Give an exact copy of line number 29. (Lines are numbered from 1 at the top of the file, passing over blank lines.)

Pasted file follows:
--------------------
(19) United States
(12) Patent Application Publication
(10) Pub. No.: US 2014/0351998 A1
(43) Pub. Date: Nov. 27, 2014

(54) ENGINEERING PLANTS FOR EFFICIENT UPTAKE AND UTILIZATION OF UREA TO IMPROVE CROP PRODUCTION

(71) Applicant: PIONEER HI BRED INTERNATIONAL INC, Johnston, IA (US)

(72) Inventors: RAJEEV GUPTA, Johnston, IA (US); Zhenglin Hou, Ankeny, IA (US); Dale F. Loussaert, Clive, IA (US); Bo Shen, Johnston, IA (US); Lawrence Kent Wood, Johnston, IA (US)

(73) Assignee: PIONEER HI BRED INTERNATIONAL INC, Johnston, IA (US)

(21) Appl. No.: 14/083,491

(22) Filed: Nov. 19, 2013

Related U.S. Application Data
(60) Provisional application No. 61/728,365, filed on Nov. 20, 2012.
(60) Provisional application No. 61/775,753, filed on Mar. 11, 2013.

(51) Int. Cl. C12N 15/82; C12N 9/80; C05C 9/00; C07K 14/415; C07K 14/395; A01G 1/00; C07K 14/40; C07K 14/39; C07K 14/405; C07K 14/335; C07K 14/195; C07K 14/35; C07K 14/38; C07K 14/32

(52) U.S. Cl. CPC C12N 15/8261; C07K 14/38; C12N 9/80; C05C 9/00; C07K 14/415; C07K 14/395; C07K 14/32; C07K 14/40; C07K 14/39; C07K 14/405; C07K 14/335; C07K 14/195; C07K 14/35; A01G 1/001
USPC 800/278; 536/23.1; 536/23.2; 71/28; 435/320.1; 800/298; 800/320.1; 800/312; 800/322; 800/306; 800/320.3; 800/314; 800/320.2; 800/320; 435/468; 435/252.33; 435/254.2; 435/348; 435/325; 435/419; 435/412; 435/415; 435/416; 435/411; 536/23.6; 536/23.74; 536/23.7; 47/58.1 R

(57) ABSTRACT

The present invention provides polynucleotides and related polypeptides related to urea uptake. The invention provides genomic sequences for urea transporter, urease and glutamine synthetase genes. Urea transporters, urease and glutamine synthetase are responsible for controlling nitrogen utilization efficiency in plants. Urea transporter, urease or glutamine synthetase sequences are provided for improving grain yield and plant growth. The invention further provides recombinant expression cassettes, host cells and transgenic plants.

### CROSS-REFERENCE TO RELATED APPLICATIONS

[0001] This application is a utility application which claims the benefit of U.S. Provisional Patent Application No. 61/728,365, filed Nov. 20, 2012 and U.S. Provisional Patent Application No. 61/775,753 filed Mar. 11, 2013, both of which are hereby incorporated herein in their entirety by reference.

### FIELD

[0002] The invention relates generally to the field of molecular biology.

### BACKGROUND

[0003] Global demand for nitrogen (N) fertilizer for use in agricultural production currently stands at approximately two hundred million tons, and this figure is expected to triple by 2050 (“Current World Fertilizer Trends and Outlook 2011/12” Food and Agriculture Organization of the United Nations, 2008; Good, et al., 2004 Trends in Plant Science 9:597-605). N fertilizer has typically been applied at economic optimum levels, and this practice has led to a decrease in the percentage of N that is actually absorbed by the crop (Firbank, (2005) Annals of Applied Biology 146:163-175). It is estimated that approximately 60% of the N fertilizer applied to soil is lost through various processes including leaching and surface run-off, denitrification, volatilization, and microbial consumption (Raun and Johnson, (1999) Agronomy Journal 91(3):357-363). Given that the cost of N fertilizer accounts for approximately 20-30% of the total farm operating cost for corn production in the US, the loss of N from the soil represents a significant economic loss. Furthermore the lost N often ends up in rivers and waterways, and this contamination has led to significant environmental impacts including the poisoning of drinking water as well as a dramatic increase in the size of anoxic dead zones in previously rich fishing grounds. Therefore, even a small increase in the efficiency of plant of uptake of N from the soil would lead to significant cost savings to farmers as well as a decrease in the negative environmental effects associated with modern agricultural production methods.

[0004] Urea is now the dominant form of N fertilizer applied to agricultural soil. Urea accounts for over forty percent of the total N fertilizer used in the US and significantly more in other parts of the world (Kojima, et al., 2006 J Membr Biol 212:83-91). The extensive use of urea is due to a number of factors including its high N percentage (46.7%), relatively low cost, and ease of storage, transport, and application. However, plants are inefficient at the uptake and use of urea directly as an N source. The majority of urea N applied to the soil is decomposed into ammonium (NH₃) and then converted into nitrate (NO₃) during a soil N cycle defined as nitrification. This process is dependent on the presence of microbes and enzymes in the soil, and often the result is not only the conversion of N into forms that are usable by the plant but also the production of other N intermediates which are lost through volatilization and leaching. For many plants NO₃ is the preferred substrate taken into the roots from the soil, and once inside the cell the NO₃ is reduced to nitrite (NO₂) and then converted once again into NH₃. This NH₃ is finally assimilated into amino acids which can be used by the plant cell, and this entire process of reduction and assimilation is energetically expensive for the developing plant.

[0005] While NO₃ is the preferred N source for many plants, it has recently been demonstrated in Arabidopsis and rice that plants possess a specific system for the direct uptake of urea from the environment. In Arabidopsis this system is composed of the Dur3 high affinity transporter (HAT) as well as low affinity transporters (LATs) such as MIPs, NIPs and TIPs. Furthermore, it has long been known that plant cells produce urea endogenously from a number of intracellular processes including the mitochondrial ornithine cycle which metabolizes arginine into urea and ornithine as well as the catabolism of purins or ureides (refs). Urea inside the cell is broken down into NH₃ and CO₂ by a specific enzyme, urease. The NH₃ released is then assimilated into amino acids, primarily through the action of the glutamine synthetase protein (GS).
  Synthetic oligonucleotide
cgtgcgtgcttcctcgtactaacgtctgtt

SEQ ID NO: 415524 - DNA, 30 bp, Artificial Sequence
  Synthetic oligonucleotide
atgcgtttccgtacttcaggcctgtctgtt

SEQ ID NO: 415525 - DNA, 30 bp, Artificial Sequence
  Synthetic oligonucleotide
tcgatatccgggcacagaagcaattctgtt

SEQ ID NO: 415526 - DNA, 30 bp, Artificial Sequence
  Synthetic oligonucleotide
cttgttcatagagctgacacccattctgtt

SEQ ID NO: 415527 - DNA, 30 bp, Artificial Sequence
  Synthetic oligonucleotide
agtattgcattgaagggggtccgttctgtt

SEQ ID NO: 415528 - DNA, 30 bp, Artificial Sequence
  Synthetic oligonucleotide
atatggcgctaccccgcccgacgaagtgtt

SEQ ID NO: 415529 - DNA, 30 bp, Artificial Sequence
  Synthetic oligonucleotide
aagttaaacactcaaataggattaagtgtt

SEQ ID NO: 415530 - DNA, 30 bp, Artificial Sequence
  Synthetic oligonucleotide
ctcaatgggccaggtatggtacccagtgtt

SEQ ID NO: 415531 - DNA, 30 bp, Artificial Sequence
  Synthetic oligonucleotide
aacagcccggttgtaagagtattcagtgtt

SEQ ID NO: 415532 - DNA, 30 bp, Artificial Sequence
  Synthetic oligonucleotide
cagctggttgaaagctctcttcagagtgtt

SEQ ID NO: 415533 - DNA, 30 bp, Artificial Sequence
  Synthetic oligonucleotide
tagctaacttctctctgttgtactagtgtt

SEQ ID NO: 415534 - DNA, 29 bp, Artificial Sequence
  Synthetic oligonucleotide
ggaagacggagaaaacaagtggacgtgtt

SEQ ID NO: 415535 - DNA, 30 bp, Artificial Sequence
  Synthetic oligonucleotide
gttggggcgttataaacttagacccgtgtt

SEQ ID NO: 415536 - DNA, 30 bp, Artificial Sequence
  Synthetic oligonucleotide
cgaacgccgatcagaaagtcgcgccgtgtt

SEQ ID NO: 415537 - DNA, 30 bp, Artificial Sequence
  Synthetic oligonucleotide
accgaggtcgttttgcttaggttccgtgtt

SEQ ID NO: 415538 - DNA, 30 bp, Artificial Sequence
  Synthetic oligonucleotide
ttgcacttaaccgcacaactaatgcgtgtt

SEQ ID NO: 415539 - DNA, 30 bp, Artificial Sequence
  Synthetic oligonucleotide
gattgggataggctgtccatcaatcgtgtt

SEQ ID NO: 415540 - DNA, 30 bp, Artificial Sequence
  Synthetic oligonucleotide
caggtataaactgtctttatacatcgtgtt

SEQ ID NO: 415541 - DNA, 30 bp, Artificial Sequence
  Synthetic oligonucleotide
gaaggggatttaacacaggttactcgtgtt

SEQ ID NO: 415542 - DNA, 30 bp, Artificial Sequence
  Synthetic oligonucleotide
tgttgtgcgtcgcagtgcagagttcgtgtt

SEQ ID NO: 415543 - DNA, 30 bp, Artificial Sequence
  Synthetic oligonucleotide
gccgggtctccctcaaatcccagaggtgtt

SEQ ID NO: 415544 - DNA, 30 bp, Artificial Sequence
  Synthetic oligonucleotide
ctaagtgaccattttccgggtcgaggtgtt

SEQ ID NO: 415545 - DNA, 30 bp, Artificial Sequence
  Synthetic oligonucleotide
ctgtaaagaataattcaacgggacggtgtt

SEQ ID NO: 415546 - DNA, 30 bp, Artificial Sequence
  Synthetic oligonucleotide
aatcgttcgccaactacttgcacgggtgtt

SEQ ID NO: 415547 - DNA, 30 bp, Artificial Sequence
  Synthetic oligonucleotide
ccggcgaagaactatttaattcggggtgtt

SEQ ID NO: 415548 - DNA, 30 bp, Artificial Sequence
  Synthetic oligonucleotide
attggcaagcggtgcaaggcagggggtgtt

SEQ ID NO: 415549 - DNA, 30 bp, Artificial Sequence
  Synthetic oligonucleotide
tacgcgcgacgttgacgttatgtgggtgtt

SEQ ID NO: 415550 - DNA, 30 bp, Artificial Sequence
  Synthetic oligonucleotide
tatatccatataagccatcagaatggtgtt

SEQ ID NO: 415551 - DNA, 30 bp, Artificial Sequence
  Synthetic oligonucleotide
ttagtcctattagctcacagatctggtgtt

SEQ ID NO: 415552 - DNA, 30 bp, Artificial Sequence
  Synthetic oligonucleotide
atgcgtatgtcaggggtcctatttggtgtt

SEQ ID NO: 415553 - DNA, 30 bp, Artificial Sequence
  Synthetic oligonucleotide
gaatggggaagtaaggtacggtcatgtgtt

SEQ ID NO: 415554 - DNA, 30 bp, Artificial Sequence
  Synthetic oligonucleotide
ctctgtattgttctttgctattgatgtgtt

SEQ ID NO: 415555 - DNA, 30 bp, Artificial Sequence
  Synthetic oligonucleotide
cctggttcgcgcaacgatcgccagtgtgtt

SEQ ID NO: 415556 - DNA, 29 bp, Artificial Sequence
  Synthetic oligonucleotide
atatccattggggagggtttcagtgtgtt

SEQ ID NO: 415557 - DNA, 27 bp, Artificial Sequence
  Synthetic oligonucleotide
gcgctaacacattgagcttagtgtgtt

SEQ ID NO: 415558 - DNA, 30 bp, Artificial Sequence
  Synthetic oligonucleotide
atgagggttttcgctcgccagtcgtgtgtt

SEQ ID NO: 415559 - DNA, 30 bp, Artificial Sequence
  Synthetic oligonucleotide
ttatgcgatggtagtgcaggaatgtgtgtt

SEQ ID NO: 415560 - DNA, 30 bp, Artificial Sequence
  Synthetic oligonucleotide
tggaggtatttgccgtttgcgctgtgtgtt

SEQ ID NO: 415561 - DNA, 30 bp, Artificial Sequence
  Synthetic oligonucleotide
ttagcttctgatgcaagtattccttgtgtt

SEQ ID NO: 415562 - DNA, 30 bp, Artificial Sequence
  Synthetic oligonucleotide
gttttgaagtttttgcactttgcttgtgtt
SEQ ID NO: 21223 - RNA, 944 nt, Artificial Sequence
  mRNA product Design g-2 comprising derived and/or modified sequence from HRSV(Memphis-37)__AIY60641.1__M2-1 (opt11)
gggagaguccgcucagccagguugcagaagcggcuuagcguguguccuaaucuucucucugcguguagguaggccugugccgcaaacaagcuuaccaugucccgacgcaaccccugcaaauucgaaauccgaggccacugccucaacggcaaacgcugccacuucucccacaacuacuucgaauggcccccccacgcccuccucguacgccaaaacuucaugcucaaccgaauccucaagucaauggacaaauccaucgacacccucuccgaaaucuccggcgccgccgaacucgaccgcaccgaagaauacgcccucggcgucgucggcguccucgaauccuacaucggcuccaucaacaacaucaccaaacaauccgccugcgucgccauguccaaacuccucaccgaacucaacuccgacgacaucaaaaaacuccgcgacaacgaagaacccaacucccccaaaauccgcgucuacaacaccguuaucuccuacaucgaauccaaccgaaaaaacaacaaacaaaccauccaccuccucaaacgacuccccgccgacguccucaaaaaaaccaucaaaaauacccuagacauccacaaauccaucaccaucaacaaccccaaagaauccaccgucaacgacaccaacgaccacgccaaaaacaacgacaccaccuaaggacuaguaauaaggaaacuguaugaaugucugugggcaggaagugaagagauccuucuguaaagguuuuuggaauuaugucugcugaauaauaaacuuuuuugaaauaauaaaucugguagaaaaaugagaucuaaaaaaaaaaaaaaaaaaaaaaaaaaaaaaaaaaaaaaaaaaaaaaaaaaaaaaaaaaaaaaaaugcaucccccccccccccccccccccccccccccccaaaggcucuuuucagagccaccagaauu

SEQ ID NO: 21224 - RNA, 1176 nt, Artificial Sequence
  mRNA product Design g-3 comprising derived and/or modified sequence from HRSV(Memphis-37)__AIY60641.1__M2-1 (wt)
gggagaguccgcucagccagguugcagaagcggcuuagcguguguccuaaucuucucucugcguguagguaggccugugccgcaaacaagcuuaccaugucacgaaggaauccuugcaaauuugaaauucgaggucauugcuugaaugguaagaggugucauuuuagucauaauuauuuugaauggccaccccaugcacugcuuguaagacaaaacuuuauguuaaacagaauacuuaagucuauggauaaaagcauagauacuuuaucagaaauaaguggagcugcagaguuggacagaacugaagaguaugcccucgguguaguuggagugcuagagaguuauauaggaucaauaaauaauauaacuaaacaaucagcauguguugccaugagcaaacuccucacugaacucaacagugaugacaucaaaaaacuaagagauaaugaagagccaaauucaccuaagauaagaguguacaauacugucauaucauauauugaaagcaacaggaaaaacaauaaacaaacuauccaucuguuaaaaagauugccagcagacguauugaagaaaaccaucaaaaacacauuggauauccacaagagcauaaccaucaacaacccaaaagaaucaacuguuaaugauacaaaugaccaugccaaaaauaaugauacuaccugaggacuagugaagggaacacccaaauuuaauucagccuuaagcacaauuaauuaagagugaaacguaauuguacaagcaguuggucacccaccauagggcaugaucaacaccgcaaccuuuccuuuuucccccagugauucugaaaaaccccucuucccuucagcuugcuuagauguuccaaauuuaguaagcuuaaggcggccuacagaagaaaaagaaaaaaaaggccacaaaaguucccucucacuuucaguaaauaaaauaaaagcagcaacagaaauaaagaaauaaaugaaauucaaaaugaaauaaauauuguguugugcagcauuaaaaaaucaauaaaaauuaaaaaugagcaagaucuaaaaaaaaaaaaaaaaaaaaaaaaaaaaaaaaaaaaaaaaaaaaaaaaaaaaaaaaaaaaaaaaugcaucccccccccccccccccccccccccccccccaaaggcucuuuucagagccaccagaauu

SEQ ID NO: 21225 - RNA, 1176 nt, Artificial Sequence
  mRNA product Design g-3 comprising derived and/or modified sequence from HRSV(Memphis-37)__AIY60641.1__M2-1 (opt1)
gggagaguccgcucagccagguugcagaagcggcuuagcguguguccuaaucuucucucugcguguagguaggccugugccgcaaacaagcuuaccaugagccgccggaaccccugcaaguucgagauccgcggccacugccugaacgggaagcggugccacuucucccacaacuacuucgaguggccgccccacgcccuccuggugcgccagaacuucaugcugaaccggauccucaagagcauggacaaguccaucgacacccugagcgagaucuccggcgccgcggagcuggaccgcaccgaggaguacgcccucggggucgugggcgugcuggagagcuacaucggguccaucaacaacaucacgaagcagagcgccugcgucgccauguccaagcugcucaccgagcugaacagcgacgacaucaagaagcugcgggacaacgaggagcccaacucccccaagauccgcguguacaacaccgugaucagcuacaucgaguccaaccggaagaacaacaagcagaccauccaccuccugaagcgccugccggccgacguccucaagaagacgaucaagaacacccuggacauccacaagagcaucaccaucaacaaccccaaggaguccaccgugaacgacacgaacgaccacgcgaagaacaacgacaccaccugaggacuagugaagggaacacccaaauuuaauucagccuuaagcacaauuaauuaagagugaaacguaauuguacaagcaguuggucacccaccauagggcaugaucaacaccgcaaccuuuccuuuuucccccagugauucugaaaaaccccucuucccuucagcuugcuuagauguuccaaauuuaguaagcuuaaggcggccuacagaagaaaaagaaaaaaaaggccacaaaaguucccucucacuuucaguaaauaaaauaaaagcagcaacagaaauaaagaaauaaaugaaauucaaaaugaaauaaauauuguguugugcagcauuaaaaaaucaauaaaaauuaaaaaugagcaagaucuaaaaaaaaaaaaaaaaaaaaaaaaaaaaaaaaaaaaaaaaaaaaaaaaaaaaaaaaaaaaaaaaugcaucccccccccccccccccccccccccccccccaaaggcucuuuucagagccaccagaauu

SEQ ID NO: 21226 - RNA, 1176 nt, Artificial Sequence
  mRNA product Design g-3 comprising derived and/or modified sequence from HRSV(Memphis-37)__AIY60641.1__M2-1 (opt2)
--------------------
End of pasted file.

SEQ ID NO: 415524 - DNA, 30 bp, Artificial Sequence